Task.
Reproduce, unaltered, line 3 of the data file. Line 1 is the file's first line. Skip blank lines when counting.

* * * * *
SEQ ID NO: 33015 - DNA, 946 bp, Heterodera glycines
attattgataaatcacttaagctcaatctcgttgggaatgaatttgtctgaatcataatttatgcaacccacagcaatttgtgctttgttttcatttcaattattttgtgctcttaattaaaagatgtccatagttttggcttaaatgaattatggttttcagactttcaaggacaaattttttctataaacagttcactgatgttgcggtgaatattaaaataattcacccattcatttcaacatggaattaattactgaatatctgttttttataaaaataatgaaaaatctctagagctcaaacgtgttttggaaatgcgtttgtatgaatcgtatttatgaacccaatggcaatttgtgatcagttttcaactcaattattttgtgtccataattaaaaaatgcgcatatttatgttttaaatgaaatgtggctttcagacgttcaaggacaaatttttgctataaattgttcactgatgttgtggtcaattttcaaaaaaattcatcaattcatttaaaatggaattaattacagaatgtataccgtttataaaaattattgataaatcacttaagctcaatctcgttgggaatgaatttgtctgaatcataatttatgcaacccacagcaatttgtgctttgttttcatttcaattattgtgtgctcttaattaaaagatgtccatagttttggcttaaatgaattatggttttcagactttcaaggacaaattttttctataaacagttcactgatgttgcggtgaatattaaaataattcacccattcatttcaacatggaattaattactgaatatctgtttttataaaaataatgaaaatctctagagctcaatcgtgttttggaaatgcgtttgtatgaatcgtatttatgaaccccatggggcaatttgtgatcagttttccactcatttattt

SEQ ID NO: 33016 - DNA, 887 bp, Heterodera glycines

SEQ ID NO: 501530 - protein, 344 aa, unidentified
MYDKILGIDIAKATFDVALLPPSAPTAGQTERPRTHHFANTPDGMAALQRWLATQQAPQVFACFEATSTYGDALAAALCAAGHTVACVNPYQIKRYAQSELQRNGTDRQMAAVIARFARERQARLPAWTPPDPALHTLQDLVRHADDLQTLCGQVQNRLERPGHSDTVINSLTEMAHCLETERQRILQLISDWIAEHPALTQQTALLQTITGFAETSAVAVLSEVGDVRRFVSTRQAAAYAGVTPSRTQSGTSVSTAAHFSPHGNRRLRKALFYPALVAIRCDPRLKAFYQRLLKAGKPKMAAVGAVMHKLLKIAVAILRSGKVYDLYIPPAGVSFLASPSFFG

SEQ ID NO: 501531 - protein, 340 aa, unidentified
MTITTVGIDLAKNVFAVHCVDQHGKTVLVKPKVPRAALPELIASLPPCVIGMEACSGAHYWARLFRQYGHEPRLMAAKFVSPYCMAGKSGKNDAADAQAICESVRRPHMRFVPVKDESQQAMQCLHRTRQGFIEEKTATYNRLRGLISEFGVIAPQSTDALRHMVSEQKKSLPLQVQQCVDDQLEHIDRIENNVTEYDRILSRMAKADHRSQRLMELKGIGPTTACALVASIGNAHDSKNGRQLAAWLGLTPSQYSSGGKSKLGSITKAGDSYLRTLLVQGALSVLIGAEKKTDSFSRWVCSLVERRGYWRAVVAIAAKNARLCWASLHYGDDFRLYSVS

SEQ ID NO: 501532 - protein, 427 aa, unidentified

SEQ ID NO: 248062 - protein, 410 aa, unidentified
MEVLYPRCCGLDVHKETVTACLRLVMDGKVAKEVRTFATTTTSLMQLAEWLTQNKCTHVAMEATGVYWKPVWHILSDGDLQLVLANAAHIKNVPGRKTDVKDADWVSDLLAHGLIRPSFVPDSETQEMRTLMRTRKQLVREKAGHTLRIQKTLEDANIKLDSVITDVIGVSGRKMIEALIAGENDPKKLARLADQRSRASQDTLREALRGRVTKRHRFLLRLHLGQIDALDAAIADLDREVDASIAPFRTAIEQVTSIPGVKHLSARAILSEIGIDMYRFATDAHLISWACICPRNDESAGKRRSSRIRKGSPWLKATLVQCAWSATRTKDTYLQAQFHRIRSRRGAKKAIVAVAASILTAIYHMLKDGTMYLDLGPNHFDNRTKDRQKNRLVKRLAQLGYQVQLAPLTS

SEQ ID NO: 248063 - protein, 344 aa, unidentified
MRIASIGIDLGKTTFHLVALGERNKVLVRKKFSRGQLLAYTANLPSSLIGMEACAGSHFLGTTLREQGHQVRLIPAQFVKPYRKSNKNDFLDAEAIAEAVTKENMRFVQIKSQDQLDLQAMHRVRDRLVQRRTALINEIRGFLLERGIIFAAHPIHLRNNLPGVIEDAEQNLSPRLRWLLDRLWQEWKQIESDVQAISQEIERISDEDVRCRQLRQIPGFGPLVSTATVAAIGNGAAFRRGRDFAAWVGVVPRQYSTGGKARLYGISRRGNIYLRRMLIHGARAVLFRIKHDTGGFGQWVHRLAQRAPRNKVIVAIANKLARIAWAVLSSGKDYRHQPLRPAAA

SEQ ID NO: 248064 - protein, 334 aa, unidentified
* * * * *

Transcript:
SEQ ID NO: 33016 - DNA, 887 bp, Heterodera glycines